As the mercury rises during the summer, heat sickness is a concern, especially among the young, the elderly and those who exercise on the sports field or elsewhere.
So if you’re heading out this summer, whether you’re working in your backyard, running along the beach, or exercising in the park, make sure you know the signs of the different types of heat-related illness and what to do. do about them.
5 main types of heat-related illnesses:
1. Heat Cramps
What it is: This is cramping you may feel in your muscles due to dehydration, electrolyte imbalance, muscle fatigue, or a combination of these factors. Symptoms may include heavy sweating, thirst, fatigue, and pain in the arms, abdomen, or legs. That Charley horse is more than pain, it’s a sign that something is wrong in your body. NB.
What must we do: Drink plenty of cold water and sports drinks with electrolytes. Rest in a cool place out of the sun.
2. Heat syncope
What it is: Heat syncope often occurs in people who have not yet become acclimatized to the heat, in someone who has been sitting or standing for a long time, immediately after cessation of activity, or after getting up quickly, resting or sitting. Symptoms include fainting, dizziness, and light-headedness for a short time.
It is attributed to the rapid opening of blood vessels in the extremities, accumulation of blood, poor return of blood to the heart, dehydration, decreased cardiac output and changes in blood flow in the brain.
What must we do: Sit or lie down in a cool place and slowly drink water, sports drinks, or clear juices.
3. Exercise or Heat Exhaustion
What it is: Exhaustion is most common in hot and humid temperatures and is often difficult to distinguish from heat stroke when it is in its worst stages.
Symptoms include heavy sweating, inability to continue exercising due to lack of energy, cold and clammy skin, rapid pulse, headache, dizziness, nausea, diarrhea, decreased urine output, weakness, paleness (person may look pale) , persistent muscle cramps all over the body, fainting, hyperventilation and body temperatures ranging from 97-103 degrees. This is the stage of heat illness just before heat stroke.
What must we do: Heat exhaustion must be recognized and treated quickly. Provide first aid and medical care. All excess clothing (including shoes or hats) and clothing soaked with water or sweat should be removed. If the person is alert and not vomiting, have them drink cold sports drinks or cold water if sports drinks (with sodium) are not available.
Move the person to a cooler location, placing ice packs on the body, focusing especially on the armpit, groin, and neck. Use cold towels on hands, feet and head. Blow cool air on the person. Consider immersion in cold water. If the person’s temperature rises above 102 degrees, or if the dizziness persists after the person lies down with their legs raised, seek emergency medical attention.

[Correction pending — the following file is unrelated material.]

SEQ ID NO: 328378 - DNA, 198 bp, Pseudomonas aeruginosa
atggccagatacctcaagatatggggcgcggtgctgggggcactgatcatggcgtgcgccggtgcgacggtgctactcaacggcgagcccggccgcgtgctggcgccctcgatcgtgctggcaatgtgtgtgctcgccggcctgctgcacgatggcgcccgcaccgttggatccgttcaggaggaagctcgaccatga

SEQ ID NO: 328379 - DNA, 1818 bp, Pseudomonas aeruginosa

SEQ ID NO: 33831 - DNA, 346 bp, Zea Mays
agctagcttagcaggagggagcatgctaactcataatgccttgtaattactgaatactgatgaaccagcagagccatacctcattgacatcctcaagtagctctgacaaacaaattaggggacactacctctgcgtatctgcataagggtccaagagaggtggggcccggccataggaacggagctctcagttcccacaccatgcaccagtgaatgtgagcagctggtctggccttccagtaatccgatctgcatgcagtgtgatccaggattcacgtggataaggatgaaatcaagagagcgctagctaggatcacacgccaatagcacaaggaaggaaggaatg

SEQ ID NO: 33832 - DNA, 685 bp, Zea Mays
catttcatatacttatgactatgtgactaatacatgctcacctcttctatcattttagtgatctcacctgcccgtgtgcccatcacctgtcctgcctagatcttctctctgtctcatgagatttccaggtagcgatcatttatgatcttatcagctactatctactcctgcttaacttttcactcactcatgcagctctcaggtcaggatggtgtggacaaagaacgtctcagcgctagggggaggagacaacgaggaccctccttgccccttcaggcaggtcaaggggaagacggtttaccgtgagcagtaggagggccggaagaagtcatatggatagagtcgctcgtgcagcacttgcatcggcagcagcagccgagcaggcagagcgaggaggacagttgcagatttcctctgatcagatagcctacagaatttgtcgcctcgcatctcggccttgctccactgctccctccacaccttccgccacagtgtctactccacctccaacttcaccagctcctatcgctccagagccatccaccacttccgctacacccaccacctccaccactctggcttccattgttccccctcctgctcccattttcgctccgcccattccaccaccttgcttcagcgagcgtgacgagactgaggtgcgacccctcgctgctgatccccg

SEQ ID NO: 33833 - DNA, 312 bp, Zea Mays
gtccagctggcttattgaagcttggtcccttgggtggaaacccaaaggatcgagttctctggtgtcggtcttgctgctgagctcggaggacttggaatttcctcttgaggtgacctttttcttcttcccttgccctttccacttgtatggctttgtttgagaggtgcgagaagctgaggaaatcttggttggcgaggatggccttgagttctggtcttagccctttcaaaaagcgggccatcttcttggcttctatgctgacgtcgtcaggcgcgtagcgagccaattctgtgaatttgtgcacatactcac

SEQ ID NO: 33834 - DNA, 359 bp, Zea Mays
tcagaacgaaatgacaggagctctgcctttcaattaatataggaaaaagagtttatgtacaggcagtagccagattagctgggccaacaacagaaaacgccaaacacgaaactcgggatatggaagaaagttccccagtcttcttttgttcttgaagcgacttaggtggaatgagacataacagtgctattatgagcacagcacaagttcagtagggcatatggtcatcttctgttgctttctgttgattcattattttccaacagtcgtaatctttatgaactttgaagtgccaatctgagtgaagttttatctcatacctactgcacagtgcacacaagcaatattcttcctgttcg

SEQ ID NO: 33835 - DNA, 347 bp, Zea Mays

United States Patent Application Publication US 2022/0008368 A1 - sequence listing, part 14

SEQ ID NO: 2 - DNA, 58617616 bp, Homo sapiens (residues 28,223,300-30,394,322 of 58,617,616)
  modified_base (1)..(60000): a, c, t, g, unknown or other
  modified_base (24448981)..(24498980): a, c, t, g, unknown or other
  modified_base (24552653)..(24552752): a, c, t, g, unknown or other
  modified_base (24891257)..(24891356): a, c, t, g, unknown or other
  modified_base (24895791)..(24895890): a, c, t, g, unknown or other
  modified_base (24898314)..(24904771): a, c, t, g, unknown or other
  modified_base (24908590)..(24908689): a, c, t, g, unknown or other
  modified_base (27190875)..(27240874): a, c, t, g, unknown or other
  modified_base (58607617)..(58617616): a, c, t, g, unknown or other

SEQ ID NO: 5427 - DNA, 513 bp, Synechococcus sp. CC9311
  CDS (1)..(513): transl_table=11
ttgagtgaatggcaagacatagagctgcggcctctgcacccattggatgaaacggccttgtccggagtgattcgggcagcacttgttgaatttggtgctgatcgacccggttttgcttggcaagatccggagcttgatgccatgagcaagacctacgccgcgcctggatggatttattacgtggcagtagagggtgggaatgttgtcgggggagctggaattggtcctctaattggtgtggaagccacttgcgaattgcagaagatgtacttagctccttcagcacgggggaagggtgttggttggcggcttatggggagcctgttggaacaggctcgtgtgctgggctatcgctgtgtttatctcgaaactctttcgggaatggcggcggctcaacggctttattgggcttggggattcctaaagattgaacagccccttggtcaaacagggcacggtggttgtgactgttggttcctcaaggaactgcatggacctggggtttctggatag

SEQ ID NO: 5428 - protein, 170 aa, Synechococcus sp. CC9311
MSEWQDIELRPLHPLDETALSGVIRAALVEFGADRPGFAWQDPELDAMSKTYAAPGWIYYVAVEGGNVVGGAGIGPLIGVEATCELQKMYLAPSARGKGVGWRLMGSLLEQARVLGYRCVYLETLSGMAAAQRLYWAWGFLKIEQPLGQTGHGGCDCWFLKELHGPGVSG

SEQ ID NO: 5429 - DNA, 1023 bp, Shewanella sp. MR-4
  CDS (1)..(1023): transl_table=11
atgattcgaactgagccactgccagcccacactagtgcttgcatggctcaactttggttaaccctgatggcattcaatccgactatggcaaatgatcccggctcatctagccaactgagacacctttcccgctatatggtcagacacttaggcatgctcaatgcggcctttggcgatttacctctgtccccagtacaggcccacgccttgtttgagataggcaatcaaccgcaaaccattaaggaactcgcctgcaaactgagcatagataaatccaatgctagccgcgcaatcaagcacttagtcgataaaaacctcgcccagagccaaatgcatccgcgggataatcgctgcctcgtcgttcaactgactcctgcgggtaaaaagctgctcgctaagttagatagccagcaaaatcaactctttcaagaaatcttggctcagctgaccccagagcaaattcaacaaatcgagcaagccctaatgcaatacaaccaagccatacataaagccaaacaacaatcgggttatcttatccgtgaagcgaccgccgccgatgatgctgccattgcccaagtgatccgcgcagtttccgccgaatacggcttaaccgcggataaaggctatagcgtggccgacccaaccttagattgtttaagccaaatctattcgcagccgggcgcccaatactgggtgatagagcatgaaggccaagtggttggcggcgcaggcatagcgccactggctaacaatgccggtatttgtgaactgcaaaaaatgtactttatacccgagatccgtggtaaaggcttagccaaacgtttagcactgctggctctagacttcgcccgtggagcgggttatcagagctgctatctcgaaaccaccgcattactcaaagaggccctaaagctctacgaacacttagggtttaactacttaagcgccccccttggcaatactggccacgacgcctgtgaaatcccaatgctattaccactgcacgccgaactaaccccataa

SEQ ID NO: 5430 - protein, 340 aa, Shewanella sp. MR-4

4. Heat Stroke
What it is: Heat stroke is life-threatening. It occurs when the body’s temperature-regulating system is overwhelmed. This usually happens due to extreme outdoor conditions that prevent the body from cooling itself.
Symptoms include dry and warm skin, nausea, irrational behavior, rapid and shallow breathing, fast and weak pulse, disorientation, drowsiness and a temperature above 104 degrees.
What must we do: Call 911 or get emergency medical help. In the meantime, move the person to a cool location, remove excess clothing including shoes and hats, place ice packs on the body, especially targeting the armpit, groin, and neck. If possible, submerge the individual in cold water.
Use cold towels on hands, feet and head. Blow cool air on the person. Health professionals often use intravenous (IV) fluids to quickly rehydrate the person suffering from heat stroke. Blood tests and urinalysis will often be performed to ensure that the body returns to normal. After heat stroke, it is possible to see complications with internal body temperature regulation. Sometimes recovery from heat stroke can take up to a year for central nervous system, liver, and kidney functions to be considered normal.
5. Exercise Hyponatremia
What it is: Exercise-associated hyponatremia is a rare condition that occurs when a person ingests too much water or low-sodium beverages relative to the amount of sweat released from the body. This ensures a low sodium level in the body. The result can cause potentially fatal neurological and physiological dysfunctions. Symptoms include disorientation, altered mental status, headache, vomiting, lethargy, swelling of hands and feet, pulmonary edema, cerebral edema, and seizures.
What must we do: Call 911 or get emergency medical help. This condition can be treated by fluid reduction in the body and drinks that contain enough sodium.